While the landmark 2015 U.S. Supreme Court decision of Obergefell v. Hodges made same-sex marriage legal throughout the country, the state of Maryland is proud to be the first state to legalize same-sex marriage, back in 2013. Along with the right for same-sex couples to marry came the right to get a divorce.
As all couples are now equal under the law, you might assume that LGBTQ couples don’t face additional challenges – but that is not the case. We wanted to discuss those potentially problematic areas here.
Division of assets
Many same-sex couples have had long-term committed relationships for years, even decades prior to the law’s recognition of their unions. In Maryland, however, only marital property is subject to division under the equitable distribution model of asset division. Therefore, the division of assets will only consider the property that the couple has acquired or comingled since the marriage took place, which also applies to divorcing heterosexual couples.
For example, if one spouse purchased a home several years prior to the legalization of the marriage, and never added the name of his or her partner to the deed and/or mortgage, only the equity which has accrued since the marriage is considered marital property.
This issue could also arise in regard to pensions. If, for example, you are an employee of the State, then the Court may consider the length of the marriage before deciding how much of your soon-to-be-ex-spouse’s pension you are entitled to receive. If you have been together for 20 years, but only legally married for seven years, then you may only be awarded seven years’ worth of that pension.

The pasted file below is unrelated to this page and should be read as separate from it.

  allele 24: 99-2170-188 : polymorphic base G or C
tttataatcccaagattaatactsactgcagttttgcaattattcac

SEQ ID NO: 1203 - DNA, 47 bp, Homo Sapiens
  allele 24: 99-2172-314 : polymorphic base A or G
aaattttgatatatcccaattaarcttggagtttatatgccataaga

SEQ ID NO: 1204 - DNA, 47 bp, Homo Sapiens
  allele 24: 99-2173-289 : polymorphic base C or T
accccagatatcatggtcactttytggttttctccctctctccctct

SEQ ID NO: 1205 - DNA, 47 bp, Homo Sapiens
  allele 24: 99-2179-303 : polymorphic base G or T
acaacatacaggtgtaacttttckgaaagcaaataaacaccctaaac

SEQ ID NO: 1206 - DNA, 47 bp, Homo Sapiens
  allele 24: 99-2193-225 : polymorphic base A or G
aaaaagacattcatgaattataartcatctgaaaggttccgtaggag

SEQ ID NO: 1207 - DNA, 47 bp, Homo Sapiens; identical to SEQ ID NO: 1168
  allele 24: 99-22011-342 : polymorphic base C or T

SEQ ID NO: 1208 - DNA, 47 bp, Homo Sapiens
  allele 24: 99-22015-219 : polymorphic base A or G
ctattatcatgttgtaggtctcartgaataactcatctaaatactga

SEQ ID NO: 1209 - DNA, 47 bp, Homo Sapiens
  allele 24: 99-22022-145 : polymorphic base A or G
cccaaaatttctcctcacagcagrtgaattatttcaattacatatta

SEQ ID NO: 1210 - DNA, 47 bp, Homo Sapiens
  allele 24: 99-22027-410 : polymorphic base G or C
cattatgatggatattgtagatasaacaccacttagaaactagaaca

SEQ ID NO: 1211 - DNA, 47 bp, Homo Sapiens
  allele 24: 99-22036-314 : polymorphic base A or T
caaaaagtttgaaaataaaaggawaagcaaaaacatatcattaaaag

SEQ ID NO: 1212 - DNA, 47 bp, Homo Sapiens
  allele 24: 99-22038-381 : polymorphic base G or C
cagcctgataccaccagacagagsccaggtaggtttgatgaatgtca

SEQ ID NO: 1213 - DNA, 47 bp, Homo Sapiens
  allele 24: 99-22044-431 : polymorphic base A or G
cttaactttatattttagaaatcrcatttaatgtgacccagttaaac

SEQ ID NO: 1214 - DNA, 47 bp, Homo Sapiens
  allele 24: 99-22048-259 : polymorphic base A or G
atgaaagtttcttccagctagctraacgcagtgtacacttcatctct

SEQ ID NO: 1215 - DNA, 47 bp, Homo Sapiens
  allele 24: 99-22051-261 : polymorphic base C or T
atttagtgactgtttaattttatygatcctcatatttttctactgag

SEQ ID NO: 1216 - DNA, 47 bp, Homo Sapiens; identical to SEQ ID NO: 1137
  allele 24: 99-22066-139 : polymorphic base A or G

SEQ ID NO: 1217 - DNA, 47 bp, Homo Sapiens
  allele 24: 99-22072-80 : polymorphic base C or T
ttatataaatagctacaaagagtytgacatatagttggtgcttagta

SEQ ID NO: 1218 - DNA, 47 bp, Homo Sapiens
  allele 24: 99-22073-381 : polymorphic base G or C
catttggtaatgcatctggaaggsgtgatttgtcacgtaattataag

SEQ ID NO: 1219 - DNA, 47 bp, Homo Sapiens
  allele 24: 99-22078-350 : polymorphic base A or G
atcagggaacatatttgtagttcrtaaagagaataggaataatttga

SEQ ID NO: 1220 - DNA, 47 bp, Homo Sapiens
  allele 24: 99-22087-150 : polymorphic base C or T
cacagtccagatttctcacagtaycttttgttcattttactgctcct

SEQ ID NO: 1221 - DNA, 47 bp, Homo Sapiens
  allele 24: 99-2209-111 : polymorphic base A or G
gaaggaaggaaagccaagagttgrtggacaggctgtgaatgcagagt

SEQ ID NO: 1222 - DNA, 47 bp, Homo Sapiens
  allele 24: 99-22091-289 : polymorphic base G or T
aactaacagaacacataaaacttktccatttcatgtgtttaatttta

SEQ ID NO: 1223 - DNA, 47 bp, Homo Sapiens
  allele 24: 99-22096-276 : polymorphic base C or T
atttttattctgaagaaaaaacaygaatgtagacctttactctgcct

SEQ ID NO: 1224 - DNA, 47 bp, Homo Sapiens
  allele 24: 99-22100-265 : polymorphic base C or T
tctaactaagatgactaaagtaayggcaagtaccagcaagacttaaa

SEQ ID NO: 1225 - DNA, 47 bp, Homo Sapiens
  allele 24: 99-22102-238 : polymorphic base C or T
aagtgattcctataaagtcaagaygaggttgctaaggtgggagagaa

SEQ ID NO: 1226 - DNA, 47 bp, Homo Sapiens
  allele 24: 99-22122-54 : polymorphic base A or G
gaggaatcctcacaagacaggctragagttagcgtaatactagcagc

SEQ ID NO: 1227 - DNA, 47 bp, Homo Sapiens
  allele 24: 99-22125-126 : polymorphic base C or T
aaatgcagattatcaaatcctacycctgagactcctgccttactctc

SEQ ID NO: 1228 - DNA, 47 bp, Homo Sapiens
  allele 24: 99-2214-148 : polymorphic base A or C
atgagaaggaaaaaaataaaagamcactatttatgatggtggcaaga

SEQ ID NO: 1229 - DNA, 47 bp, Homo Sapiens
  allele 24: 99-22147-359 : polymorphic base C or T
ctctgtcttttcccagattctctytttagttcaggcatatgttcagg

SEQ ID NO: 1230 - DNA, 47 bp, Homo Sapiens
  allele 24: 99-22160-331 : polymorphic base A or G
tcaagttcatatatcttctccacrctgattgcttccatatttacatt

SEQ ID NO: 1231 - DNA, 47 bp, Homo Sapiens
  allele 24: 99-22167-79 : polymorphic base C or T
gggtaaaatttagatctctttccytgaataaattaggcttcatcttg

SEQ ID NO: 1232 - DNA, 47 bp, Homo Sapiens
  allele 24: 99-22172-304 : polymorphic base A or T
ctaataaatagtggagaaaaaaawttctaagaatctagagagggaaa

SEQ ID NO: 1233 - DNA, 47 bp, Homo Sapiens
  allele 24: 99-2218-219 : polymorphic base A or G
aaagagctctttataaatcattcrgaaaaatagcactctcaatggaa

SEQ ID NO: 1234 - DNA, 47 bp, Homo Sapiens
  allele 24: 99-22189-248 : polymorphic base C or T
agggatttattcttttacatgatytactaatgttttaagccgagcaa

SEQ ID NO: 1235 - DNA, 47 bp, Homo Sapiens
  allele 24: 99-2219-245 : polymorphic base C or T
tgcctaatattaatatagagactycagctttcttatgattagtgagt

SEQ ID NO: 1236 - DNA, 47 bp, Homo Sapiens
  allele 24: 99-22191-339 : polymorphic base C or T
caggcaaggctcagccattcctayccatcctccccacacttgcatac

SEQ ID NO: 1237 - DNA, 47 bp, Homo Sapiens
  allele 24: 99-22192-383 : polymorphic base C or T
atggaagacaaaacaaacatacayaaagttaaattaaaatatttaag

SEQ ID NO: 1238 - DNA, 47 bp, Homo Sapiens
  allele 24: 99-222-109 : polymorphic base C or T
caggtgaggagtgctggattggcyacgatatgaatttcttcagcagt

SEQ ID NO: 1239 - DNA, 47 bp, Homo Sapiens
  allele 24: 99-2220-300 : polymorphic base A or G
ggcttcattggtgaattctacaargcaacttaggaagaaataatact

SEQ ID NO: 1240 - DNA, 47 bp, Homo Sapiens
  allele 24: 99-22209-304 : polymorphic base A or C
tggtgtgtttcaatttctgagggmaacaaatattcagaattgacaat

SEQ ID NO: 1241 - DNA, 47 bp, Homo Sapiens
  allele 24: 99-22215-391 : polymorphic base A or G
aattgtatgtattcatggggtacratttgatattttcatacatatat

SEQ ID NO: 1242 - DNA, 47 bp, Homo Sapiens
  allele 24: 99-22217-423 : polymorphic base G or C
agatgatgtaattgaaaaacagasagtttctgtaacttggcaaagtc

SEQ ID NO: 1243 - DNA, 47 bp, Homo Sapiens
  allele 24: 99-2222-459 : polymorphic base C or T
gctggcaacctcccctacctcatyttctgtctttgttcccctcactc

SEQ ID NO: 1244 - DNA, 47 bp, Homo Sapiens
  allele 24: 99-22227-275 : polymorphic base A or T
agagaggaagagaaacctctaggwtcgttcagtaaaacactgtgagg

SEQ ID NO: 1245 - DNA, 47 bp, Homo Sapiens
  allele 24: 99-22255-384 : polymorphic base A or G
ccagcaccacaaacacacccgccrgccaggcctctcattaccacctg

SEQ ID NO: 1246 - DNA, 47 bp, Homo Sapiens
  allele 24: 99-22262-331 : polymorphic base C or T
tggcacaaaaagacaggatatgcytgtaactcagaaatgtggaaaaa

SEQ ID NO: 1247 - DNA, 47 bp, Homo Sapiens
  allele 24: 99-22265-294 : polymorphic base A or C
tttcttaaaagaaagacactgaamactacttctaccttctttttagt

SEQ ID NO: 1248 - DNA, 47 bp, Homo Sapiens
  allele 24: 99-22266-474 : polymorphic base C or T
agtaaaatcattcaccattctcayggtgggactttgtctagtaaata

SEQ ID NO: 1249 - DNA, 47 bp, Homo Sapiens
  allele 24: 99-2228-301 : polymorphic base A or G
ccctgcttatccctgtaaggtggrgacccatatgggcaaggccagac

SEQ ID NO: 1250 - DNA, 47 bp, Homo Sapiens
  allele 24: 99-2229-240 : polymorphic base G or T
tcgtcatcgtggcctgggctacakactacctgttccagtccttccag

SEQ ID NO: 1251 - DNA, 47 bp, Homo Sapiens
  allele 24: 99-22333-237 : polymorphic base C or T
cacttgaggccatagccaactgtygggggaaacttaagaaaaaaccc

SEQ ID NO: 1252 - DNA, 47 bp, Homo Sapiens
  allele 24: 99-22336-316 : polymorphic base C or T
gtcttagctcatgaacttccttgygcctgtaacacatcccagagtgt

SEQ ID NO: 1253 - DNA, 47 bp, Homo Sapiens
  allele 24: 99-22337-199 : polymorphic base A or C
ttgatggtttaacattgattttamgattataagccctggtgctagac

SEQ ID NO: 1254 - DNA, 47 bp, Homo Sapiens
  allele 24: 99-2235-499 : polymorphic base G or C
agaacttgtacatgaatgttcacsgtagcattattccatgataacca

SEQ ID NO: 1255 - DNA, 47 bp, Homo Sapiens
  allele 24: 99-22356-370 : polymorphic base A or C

Alimony and spousal support
The length of the marriage is just one of the factors that the court uses in determining whether alimony would be appropriate in a divorce agreement. Other factors include the couple’s standard of living while they were married, both spouses’ financial resources and needs, each spouse’s contribution to the marriage, and so forth. Alimony, remember, is never guaranteed to either spouse.
In situations where one spouse works outside of the home, and the other takes care of the home and the children, it is possible that the Court may not consider the years the couple was together before they were legally married. Therefore, if the relationship and their agreement (about who will stay at home and who will work outside the home) pre-dates their official marriage date, the final alimony award may only be based on up to seven years of marriage. This scenario also applies to heterosexual couples.
Child custody and support
Custody and support are often challenging issues in divorce, regardless of the sexual orientation of the parents. If a same-sex couple has given birth to the child after their legal marriage, then both spouses are legal parents of the child, and custody and support can be decided as it would be for a heterosexual couple. If the child was born to one of the spouses before the marriage, or if one of the spouses adopted the child prior to the marriage and the second spouse did not legally adopt the child, Maryland courts will apply a four-part test to determine if the second parent is a de facto parent, and therefore eligible for custody. De facto parents will also be responsible for paying child support.
The issues raised here can affect gay and lesbian couples, but they can also affect unmarried, heterosexual couples. Your best chances for a successful outcome is to work with an experienced Annapolis divorce lawyer who has experience working with same-sex couples.
If you are part of a same-sex couple and you are considering divorce, the Annapolis divorce attorneys at Cynthia H. Clark & Associates, LLC are here to represent your interests. We fight for the best possible outcome in your case. You may request a consultation today by calling 410.921.2422 or completing our contact form.